Dendrobium is another large orchid family occuring in the Orient, Australia and many Pacific islands. About 1500 species are represented but some may eventually be split into other genera. Dendrobiums have been frequently utilised in Oriental medicine. Eg Dendrobium nobile (close relative or syn with anosum) is a source of Dendrobine, an alkaloid used commercially in Chinese medicine.  It was also cited by a Chinese research paper that a kilogram of dried concentrate of D. candidum can be traded for 12,000 kg of wheat in Yunnan. 

D. finlayanum from cooler areas of Thailand. This has interesting segmented stems but under lowland heat, the segments elongate and become quite leggy.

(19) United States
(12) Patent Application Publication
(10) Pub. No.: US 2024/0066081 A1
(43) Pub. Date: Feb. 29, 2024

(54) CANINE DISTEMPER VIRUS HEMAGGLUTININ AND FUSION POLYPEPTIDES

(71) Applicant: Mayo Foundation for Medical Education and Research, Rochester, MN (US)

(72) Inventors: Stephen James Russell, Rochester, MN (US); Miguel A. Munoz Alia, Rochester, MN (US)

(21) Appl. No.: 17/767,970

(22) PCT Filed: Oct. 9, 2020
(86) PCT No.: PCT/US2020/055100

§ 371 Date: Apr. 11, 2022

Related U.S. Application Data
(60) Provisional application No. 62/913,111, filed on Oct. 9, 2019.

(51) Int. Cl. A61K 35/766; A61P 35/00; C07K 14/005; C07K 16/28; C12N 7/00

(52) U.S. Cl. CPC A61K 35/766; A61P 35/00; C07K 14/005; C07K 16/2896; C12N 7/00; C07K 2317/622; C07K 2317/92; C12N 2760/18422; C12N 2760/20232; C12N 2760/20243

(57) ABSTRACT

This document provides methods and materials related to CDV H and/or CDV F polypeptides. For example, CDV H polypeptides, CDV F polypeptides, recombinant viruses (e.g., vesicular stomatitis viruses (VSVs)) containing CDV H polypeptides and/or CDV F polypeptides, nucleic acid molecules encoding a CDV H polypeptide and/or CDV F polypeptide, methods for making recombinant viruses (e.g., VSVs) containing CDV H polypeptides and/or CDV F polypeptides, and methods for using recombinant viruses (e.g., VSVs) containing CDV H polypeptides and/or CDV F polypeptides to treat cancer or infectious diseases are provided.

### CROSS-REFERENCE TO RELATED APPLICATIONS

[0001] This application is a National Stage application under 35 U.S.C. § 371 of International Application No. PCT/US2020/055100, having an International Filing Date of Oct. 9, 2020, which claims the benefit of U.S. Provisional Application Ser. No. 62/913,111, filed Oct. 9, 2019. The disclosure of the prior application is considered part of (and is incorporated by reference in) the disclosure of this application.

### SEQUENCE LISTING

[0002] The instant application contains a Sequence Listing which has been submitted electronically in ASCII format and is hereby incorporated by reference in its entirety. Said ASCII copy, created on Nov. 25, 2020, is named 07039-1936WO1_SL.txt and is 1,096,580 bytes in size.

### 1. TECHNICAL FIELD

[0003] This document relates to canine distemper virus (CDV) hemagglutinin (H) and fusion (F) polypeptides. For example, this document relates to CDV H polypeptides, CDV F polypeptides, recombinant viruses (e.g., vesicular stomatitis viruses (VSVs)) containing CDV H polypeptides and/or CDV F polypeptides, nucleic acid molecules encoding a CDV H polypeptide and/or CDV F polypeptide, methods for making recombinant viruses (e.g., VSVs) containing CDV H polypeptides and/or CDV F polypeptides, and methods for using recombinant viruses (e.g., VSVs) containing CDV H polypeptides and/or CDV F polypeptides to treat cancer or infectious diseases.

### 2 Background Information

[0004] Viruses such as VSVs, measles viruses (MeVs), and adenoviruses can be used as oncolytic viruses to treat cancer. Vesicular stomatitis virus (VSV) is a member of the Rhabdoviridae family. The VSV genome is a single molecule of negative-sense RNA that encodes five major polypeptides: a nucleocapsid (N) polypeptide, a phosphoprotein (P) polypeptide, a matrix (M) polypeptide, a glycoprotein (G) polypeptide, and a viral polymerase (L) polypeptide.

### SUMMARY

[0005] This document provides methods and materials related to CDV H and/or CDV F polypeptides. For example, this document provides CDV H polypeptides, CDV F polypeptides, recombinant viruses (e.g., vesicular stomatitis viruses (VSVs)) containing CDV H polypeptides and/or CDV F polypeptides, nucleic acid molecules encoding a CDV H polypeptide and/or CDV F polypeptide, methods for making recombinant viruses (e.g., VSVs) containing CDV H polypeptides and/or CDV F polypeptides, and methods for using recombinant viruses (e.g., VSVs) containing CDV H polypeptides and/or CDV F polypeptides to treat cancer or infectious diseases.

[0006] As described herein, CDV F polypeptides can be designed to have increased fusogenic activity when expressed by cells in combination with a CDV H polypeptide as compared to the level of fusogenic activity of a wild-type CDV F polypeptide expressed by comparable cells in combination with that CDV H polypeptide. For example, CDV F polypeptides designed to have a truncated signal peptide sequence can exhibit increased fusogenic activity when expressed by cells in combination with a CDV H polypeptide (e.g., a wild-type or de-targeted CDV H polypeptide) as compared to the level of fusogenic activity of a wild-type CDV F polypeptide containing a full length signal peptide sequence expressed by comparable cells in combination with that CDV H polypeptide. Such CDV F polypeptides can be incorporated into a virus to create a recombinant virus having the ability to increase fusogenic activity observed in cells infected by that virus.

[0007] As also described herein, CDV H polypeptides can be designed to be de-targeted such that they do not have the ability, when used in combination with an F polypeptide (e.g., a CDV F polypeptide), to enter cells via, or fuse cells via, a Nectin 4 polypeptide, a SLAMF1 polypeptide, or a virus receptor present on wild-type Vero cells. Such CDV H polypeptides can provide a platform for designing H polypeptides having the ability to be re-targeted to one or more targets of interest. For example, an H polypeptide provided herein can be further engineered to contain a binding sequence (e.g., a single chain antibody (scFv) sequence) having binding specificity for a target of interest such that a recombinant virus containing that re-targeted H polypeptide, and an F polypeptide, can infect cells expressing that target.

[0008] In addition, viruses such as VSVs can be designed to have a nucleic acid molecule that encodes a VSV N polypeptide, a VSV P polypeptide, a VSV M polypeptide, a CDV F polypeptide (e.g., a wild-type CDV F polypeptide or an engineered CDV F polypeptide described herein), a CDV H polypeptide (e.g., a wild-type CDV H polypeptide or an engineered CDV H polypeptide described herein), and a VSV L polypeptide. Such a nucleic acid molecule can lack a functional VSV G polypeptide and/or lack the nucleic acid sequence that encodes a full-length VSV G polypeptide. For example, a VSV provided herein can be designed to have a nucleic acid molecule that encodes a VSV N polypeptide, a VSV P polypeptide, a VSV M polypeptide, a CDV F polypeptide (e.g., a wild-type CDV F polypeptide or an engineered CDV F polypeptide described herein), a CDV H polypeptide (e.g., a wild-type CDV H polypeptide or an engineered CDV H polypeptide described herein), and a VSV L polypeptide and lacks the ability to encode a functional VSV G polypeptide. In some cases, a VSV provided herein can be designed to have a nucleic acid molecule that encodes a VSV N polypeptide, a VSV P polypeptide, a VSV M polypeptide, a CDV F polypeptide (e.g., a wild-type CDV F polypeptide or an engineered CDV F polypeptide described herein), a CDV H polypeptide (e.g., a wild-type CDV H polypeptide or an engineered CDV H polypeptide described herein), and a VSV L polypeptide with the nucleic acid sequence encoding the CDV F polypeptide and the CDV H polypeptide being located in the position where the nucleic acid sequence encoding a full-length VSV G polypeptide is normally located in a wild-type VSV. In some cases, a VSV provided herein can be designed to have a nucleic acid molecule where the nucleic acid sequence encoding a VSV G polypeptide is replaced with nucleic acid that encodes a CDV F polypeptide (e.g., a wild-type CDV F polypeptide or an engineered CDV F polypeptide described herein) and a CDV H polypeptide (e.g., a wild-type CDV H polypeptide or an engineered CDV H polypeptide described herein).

D. wardianum is another deciduous species with segmented stem that loses its leaves before flowering. The form of the flower is very similar to the above species but vegetative character is distinct.

Dendrobium mutabile from Java. The long stem turns bright red under the sun. 

D. secundum is a widespread plant from lowlands of Indochina to Malaysia, parts of Indonesia and Borneo. Its name refers to the flowers which point at the same directon.

Plants of the D. anosum complex occur from Indo-china, Thailand, Malaysia to Phillippines and some parts of Indonesia. There are many varieties and names, superbum being one of them. 

D. parsum - a rather uncommon species with long canes and small (about 1.5 cm) bloom - notice the long lip !

The large flower of D. aphrodite - named after the God of love.

For more information, refer to the book "Dendrobium and its relatives" by G. Stocker.

Aporum section.

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